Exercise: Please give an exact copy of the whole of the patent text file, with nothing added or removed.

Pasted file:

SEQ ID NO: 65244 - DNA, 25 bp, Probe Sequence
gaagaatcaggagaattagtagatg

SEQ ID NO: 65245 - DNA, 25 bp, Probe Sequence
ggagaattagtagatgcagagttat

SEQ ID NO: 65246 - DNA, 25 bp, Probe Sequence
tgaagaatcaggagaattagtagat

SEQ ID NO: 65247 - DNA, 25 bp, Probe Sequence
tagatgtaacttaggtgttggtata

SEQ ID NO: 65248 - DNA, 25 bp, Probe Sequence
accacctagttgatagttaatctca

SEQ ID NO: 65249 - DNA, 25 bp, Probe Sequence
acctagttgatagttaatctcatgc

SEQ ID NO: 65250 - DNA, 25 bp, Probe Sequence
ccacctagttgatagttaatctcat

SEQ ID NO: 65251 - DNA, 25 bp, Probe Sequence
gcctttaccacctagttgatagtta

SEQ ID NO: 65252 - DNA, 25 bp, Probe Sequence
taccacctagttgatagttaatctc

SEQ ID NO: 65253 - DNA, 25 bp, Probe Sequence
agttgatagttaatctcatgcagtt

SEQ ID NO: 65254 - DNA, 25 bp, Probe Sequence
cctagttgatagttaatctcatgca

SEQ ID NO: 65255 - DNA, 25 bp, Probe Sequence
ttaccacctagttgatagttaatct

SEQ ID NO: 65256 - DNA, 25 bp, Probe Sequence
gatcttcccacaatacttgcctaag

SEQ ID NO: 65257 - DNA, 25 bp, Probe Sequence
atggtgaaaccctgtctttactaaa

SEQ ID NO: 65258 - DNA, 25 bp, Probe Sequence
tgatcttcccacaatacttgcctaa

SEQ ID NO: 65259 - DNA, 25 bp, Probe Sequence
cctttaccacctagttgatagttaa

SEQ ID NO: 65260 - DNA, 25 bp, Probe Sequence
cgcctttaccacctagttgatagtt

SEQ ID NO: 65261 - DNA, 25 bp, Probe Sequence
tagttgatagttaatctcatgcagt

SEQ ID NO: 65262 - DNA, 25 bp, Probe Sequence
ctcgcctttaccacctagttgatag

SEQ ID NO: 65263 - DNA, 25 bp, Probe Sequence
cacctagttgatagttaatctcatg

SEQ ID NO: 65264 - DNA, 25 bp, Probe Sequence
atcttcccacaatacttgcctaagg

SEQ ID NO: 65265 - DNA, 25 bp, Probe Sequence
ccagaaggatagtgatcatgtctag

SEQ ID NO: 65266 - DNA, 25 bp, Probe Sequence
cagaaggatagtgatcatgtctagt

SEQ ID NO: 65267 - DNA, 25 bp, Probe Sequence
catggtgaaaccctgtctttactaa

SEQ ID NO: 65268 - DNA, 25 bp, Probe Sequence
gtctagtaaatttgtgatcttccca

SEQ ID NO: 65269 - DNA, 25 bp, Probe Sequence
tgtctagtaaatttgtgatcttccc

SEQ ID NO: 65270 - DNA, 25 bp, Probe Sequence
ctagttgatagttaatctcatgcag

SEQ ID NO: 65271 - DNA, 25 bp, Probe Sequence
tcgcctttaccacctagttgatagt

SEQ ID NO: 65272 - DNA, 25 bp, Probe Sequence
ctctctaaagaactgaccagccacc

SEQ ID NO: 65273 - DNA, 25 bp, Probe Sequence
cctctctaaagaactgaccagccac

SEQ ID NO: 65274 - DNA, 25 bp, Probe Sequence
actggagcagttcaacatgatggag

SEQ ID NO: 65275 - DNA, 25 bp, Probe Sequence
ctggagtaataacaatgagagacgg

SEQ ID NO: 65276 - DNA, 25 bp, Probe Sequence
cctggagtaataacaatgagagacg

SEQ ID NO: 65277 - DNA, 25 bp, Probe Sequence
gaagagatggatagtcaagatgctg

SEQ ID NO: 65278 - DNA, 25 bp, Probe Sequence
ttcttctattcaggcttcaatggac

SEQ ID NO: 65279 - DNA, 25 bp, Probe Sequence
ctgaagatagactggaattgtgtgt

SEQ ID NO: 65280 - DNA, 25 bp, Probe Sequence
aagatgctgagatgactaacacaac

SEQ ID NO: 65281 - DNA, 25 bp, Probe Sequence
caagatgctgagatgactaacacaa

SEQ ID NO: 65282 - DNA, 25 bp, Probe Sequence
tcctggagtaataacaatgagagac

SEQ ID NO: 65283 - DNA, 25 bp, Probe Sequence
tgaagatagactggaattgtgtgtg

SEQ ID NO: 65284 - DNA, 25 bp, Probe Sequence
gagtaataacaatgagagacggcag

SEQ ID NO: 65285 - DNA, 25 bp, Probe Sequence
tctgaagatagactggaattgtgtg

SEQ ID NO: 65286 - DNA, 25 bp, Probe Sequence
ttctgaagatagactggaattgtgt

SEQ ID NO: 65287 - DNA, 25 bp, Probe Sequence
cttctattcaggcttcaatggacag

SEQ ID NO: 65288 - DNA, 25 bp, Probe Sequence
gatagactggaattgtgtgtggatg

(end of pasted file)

SEQ ID NO: 65244 - DNA, 25 bp, Probe Sequence
gaagaatcaggagaattagtagatg

SEQ ID NO: 65245 - DNA, 25 bp, Probe Sequence
ggagaattagtagatgcagagttat

SEQ ID NO: 65246 - DNA, 25 bp, Probe Sequence
tgaagaatcaggagaattagtagat

SEQ ID NO: 65247 - DNA, 25 bp, Probe Sequence
tagatgtaacttaggtgttggtata

SEQ ID NO: 65248 - DNA, 25 bp, Probe Sequence
accacctagttgatagttaatctca

SEQ ID NO: 65249 - DNA, 25 bp, Probe Sequence
acctagttgatagttaatctcatgc

SEQ ID NO: 65250 - DNA, 25 bp, Probe Sequence
ccacctagttgatagttaatctcat

SEQ ID NO: 65251 - DNA, 25 bp, Probe Sequence
gcctttaccacctagttgatagtta

SEQ ID NO: 65252 - DNA, 25 bp, Probe Sequence
taccacctagttgatagttaatctc

SEQ ID NO: 65253 - DNA, 25 bp, Probe Sequence
agttgatagttaatctcatgcagtt

SEQ ID NO: 65254 - DNA, 25 bp, Probe Sequence
cctagttgatagttaatctcatgca

SEQ ID NO: 65255 - DNA, 25 bp, Probe Sequence
ttaccacctagttgatagttaatct

SEQ ID NO: 65256 - DNA, 25 bp, Probe Sequence
gatcttcccacaatacttgcctaag

SEQ ID NO: 65257 - DNA, 25 bp, Probe Sequence
atggtgaaaccctgtctttactaaa

SEQ ID NO: 65258 - DNA, 25 bp, Probe Sequence
tgatcttcccacaatacttgcctaa

SEQ ID NO: 65259 - DNA, 25 bp, Probe Sequence
cctttaccacctagttgatagttaa

SEQ ID NO: 65260 - DNA, 25 bp, Probe Sequence
cgcctttaccacctagttgatagtt

SEQ ID NO: 65261 - DNA, 25 bp, Probe Sequence
tagttgatagttaatctcatgcagt

SEQ ID NO: 65262 - DNA, 25 bp, Probe Sequence
ctcgcctttaccacctagttgatag

SEQ ID NO: 65263 - DNA, 25 bp, Probe Sequence
cacctagttgatagttaatctcatg

SEQ ID NO: 65264 - DNA, 25 bp, Probe Sequence
atcttcccacaatacttgcctaagg

SEQ ID NO: 65265 - DNA, 25 bp, Probe Sequence
ccagaaggatagtgatcatgtctag

SEQ ID NO: 65266 - DNA, 25 bp, Probe Sequence
cagaaggatagtgatcatgtctagt

SEQ ID NO: 65267 - DNA, 25 bp, Probe Sequence
catggtgaaaccctgtctttactaa

SEQ ID NO: 65268 - DNA, 25 bp, Probe Sequence
gtctagtaaatttgtgatcttccca

SEQ ID NO: 65269 - DNA, 25 bp, Probe Sequence
tgtctagtaaatttgtgatcttccc

SEQ ID NO: 65270 - DNA, 25 bp, Probe Sequence
ctagttgatagttaatctcatgcag

SEQ ID NO: 65271 - DNA, 25 bp, Probe Sequence
tcgcctttaccacctagttgatagt

SEQ ID NO: 65272 - DNA, 25 bp, Probe Sequence
ctctctaaagaactgaccagccacc

SEQ ID NO: 65273 - DNA, 25 bp, Probe Sequence
cctctctaaagaactgaccagccac

SEQ ID NO: 65274 - DNA, 25 bp, Probe Sequence
actggagcagttcaacatgatggag

SEQ ID NO: 65275 - DNA, 25 bp, Probe Sequence
ctggagtaataacaatgagagacgg

SEQ ID NO: 65276 - DNA, 25 bp, Probe Sequence
cctggagtaataacaatgagagacg

SEQ ID NO: 65277 - DNA, 25 bp, Probe Sequence
gaagagatggatagtcaagatgctg

SEQ ID NO: 65278 - DNA, 25 bp, Probe Sequence
ttcttctattcaggcttcaatggac

SEQ ID NO: 65279 - DNA, 25 bp, Probe Sequence
ctgaagatagactggaattgtgtgt

SEQ ID NO: 65280 - DNA, 25 bp, Probe Sequence
aagatgctgagatgactaacacaac

SEQ ID NO: 65281 - DNA, 25 bp, Probe Sequence
caagatgctgagatgactaacacaa

SEQ ID NO: 65282 - DNA, 25 bp, Probe Sequence
tcctggagtaataacaatgagagac

SEQ ID NO: 65283 - DNA, 25 bp, Probe Sequence
tgaagatagactggaattgtgtgtg

SEQ ID NO: 65284 - DNA, 25 bp, Probe Sequence
gagtaataacaatgagagacggcag

SEQ ID NO: 65285 - DNA, 25 bp, Probe Sequence
tctgaagatagactggaattgtgtg

SEQ ID NO: 65286 - DNA, 25 bp, Probe Sequence
ttctgaagatagactggaattgtgt

SEQ ID NO: 65287 - DNA, 25 bp, Probe Sequence
cttctattcaggcttcaatggacag

SEQ ID NO: 65288 - DNA, 25 bp, Probe Sequence
gatagactggaattgtgtgtggatg